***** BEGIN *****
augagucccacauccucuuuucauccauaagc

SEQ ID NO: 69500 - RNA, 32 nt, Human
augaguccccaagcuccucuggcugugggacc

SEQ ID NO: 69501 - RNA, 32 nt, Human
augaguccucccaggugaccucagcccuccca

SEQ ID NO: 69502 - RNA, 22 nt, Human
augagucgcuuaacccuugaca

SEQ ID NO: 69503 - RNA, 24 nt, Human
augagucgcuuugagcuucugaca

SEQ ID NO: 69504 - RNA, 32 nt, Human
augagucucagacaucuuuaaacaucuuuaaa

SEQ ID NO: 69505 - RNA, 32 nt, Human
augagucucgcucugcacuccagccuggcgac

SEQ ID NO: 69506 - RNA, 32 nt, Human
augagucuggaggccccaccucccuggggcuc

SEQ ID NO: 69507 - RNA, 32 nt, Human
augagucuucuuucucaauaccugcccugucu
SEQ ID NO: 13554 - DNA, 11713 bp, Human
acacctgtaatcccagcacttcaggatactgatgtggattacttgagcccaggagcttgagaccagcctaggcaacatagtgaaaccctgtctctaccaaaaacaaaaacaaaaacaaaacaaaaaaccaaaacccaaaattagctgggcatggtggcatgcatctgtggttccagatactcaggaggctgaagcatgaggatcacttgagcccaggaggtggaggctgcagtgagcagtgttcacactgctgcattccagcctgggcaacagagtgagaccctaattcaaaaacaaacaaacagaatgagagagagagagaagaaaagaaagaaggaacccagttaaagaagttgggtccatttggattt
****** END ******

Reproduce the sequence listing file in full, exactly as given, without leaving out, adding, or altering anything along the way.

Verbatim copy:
augagucccacauccucuuuucauccauaagc

SEQ ID NO: 69500 - RNA, 32 nt, Human
augaguccccaagcuccucuggcugugggacc

SEQ ID NO: 69501 - RNA, 32 nt, Human
augaguccucccaggugaccucagcccuccca

SEQ ID NO: 69502 - RNA, 22 nt, Human
augagucgcuuaacccuugaca

SEQ ID NO: 69503 - RNA, 24 nt, Human
augagucgcuuugagcuucugaca

SEQ ID NO: 69504 - RNA, 32 nt, Human
augagucucagacaucuuuaaacaucuuuaaa

SEQ ID NO: 69505 - RNA, 32 nt, Human
augagucucgcucugcacuccagccuggcgac

SEQ ID NO: 69506 - RNA, 32 nt, Human
augagucuggaggccccaccucccuggggcuc

SEQ ID NO: 69507 - RNA, 32 nt, Human
augagucuucuuucucaauaccugcccugucu
SEQ ID NO: 13554 - DNA, 11713 bp, Human
acacctgtaatcccagcacttcaggatactgatgtggattacttgagcccaggagcttgagaccagcctaggcaacatagtgaaaccctgtctctaccaaaaacaaaaacaaaaacaaaacaaaaaaccaaaacccaaaattagctgggcatggtggcatgcatctgtggttccagatactcaggaggctgaagcatgaggatcacttgagcccaggaggtggaggctgcagtgagcagtgttcacactgctgcattccagcctgggcaacagagtgagaccctaattcaaaaacaaacaaacagaatgagagagagagagaagaaaagaaagaaggaacccagttaaagaagttgggtccatttggattt